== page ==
The Value of UX as a Business Tool

By Samantha Silver

UX is the umbrella term for the all-encompassing field of User Experience. “UX encompasses all aspects of the end-users interaction with the company, it’s services, and it’s products.” (Norman & Nielsen, 2017). As a result, UX is important because UX “measures a person’s behavior and feelings when interacting with a brand or product across many platforms” (Thomspon, 2015). Essentially, UX is a symbiotic relationship in which users expect that certain actions will return on certain outcomes. When theses actions don’t lead to those expected outcomes, the user then experiences frustration and other negative emotions. For example, when a user hits ‘purchase’ or ‘confirm’ (action) on their online shopping order, they expect that they will be then transferred to a confirmation page (outcome). If this does not happen, the user then experiences frustration, confusion, and even anger.

Since UX has such an important impact on its users, UX is particularly important to utilize as a business tool. The emotions or feelings that customers experience when interacting with your brand will ultimately determine their overall emotions towards the brand and products, and if it will get recommended to friends and family.

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While there are countless reasons as to why UX is important for our daily lives, it’s more challenging to see the valuable ways that UX can be used as a business tool for all kinds of companies.  Here are the top three reasons to see the value of UX as a business tool:

 1) UX is everywhere

 The truth of the matter is that UX is all around us, whether it is done well or not. In an ever increasingly technological world, practically everything we touch is now attached to an interface that we must interact with in order to accomplish a task. Our phones, our televisions, even our refrigerators, and toothbrushes involve us interacting with technology in a myriad of ways. This means that more and more companies are utilizing websites and apps in order to push their brands, products or services. As a result, the ways in which we interact with our technology and the behaviors and feeling that are elicited as a result of those interactions can have an impact on the type of emotions we feel, our productivity, and the way we view certain products or brands.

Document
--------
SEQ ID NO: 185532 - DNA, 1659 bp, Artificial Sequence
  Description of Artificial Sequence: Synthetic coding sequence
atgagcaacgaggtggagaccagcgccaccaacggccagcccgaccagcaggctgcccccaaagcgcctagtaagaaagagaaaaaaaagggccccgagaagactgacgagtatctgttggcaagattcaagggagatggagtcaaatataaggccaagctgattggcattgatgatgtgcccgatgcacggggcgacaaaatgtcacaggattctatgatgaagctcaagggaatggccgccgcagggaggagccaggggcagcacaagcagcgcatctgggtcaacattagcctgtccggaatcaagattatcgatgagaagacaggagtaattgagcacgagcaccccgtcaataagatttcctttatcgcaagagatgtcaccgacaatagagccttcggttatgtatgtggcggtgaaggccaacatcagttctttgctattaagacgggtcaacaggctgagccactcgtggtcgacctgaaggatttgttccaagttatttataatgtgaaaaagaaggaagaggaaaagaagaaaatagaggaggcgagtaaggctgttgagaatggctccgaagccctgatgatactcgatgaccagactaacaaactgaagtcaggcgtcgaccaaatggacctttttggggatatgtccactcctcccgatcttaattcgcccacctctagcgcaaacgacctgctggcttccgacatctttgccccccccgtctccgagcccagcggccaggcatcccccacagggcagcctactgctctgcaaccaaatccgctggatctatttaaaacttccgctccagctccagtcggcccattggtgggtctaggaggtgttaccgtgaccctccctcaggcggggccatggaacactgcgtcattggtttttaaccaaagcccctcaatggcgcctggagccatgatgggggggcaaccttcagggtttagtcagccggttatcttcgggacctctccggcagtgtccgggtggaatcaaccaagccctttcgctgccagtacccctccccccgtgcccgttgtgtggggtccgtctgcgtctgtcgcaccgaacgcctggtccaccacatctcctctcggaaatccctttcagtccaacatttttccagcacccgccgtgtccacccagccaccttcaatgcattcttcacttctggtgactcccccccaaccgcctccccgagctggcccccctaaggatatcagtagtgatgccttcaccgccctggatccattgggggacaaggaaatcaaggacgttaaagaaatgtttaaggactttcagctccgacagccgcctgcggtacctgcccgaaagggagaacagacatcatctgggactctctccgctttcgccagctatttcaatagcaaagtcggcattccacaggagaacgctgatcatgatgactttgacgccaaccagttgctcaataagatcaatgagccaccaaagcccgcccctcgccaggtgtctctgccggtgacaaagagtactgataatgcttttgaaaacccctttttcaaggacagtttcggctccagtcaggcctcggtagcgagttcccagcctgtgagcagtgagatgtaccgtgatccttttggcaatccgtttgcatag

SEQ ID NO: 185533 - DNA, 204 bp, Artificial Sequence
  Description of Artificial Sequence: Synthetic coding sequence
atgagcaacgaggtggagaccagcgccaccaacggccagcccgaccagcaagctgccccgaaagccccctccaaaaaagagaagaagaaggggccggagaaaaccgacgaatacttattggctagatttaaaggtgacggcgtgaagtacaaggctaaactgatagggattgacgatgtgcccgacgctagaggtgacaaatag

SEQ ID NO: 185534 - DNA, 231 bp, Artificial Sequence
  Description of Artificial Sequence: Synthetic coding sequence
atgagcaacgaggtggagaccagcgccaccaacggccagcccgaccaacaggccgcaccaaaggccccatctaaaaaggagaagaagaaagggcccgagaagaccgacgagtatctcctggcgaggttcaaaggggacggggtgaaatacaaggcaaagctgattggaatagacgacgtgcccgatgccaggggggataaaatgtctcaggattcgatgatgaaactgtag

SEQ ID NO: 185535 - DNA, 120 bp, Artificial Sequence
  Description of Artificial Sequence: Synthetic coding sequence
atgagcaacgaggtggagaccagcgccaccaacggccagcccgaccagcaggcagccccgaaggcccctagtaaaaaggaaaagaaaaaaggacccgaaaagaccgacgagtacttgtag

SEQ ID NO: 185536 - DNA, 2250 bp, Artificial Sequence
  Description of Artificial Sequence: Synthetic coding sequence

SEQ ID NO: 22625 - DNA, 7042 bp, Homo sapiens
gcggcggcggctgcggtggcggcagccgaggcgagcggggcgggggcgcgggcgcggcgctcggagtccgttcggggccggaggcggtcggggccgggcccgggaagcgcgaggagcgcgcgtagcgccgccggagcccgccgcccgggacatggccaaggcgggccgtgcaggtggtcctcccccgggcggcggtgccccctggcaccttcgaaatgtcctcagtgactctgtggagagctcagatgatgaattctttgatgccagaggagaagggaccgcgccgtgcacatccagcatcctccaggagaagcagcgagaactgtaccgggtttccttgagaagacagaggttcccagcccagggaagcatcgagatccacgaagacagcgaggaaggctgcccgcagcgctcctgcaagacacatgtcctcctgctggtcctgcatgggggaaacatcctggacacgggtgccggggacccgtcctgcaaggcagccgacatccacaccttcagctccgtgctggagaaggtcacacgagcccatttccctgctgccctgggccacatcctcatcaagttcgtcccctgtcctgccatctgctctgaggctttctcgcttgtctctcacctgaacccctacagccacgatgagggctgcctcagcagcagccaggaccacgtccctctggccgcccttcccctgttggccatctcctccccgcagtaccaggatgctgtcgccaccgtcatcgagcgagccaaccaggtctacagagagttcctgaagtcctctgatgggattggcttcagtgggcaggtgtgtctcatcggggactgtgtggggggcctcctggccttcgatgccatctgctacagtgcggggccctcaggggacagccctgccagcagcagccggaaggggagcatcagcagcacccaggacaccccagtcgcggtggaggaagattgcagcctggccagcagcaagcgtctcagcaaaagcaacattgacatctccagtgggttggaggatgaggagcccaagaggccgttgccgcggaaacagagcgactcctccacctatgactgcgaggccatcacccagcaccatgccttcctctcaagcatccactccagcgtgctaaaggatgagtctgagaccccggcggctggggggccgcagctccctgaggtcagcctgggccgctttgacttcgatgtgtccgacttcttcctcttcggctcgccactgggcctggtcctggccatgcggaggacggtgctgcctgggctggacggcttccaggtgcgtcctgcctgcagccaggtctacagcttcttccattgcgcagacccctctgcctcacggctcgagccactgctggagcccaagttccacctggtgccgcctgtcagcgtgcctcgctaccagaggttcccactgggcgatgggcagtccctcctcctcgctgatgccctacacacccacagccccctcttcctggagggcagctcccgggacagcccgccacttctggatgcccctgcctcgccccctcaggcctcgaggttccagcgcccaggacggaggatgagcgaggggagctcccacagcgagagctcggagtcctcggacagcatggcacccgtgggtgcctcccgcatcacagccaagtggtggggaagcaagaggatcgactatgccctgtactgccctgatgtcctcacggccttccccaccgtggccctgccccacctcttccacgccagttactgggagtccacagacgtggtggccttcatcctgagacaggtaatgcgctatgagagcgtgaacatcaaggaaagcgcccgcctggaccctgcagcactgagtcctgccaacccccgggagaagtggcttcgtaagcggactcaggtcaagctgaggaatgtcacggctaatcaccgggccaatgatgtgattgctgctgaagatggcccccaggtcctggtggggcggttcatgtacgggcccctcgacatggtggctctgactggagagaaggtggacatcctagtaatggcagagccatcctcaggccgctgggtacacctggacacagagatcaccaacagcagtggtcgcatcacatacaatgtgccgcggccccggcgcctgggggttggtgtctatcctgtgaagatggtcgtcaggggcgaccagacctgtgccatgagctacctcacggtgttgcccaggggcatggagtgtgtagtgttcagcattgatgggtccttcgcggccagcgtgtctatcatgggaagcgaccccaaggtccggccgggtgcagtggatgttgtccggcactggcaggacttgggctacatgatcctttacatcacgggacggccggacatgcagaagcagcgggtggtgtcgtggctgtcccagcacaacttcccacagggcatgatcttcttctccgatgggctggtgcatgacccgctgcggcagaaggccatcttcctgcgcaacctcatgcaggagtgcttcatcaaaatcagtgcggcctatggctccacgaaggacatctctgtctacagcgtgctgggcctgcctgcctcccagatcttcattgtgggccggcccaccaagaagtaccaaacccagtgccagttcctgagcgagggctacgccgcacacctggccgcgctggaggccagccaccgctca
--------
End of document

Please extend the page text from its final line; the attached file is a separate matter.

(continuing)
2) UX elicits important emotions

 Naturally, as users engage with something, they will experience thoughts or emotions as to how that experience is going for them. Negative experiences with a piece of technology will elicit negative emotions within the user such as confusion and anger. Likewise, positive experiences will result in positive emotions, like happiness or excitement. A user is more likely to remember a negative experience than a positive one, meaning they are more likely to share that experience with others and ultimately, that one negative experience can result in losing potential customers. Likewise, a user who experiences positives emotions could turn end up recommending the brand or services to others, as well as become an advocate or supporter that brand/company. The emotions that are brought out during these interactions are important and essential human emotions, and ultimately affect the ways in which individuals begin to remember your brand or company.

 3) UX affects business outcomes

 The emotions that a user experiences not only impact the way in which users will remember a brand/product, but it will ultimately affect the way in which the user decides to carry on with the task at hand. If a user begins to experience these negative emotions while trying to complete a task online, many will simply give up and no longer try to complete it. “45% of US consumers will abandon an online transaction if their questions or concerns are not addressed quickly.” (Thompson, 2015). If the UX of a website or an app is done poorly and users begin to experience negative emotions, this could result in a loss of traffic or leads on your site or app. Similarly, if the UX of your website or app is done well, then you could be generating more traffic and ultimately ending up with more leads.

UX is more than just the experience people have when interacting with your product, it’s the way they remember your brand and company, it’s the way they decide if they wish to continue doing business in the future and it’s the way in which they decide how to share this experience with others. Ultimately, UX is a valuable business tool because it impacts the ways in which customers interact with and engage with your brand, the type of emotions it elicits out of them, and more importantly, whether or not people are returning to your site.

Thompson, Jen. “7 Reasons Why UX Matters.” Sundog Interactive, 10 Aug. 2015, www.sundoginteractive.com/blog/7-reasons-why-ux-matters.

Norman, Don, and Jakob Nielsen. “Nielsen Norman Group.” The Definition of User Experience (UX), www.nngroup.com/articles/definition-user-experience/.

 

READ MORE: Who Is Your Most Influential UX Person?, Incorporating a UX Strategy Into Your Business, Flat Design: UX Expert Review, 3 Tips to Get Leadership to Value UX Using Business Outcomes

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